Working as a non-UK national

Scotland is governed by the same visa rules and legislation as the rest of the United Kingdom. There are a number of special business visa categories to ensure Scotland remains a competitive destination for investment.

If you are from a country outside the European Economic Area (EEA), you will need a visa to live and work in Scotland.

Visa and immigration requirements

There are different types of visa and immigration requirements to consider as a business or individual who wishes to relocate to or invest in Edinburgh, Scotland and the UK. 

Depending on the reason for coming to Scotland, there are a number of options open to people who require a UK visa. 

Some options are short term and allow for visits to Scotland to search for investment and business opportunities, whereas other options are more permanent and allow for longer term permanent relocation of key investors and staff.  

More information on the different UK visa classifications can be found here, along with information on how to apply, processing times and English language requirements.

EU Nationals working in the UK & Brexit

Since the result of the referendum, the UK government has made clear that its first priority in negotiations with the EU is to secure the status of EU citizens living in the UK, and UK nationals living in the EU.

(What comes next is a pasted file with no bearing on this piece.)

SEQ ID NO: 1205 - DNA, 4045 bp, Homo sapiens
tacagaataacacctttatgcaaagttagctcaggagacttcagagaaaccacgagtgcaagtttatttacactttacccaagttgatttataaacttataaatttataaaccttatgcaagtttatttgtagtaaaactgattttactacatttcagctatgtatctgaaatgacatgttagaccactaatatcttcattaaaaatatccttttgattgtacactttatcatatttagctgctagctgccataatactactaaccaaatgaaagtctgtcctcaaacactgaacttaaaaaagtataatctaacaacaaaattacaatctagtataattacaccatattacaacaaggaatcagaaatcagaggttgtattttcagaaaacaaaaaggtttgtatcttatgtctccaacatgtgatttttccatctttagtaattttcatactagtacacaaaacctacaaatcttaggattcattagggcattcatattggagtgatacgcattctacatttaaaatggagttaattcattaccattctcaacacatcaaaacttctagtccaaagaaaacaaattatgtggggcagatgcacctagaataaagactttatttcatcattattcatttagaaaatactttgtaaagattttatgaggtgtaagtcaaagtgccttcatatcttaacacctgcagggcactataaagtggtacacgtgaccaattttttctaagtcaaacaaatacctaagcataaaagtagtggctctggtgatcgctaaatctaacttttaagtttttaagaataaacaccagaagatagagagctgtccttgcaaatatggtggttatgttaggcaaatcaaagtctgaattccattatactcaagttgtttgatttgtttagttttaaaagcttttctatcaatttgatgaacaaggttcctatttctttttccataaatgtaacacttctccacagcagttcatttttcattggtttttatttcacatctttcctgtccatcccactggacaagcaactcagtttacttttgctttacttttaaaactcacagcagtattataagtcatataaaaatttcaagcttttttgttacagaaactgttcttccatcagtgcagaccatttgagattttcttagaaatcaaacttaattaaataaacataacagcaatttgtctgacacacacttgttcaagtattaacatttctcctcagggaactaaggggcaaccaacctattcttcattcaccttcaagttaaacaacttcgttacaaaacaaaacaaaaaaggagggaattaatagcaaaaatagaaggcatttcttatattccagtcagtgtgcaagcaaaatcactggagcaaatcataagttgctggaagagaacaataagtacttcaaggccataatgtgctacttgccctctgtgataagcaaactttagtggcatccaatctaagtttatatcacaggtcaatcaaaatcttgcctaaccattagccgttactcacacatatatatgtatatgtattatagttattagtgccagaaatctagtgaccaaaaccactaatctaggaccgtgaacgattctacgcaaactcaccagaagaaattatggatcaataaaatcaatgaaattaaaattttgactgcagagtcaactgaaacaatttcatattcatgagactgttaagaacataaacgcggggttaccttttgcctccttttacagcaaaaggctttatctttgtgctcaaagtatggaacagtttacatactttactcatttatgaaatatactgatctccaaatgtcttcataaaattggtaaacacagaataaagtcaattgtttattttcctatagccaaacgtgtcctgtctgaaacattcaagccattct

No EU citizen currently in the UK lawfully will have to leave at the point that we leave the EU. For more information about how EU Nationals working and living across the UK will be affected by Brexit, The UK Government website will be updated with the latest information about the status of EU citizens, and their families, in the UK as the EU negotiations progress.

Starting a business as a non-UK National

When setting up a business in Scotland, you need to register as a private limited company or a UK branch of your foreign company.

Discover more about the different options when it comes to setting up and registering a business in Scotland as a non-UK national here. As an employer in Scotland you are legally required to prevent illegal working and must check a person’s eligibility to work in the UK before you employ them. More information on workforce eligibility and who has the legal right to work in the UK can be found here.


If you would like to discover more information about living and working in the Edinburgh city region as a non-UK national, get in touch today.




Get in touch

Investor Support Team

City of Edinburgh Council


Latest tweets

follow us @InvestEdinburgh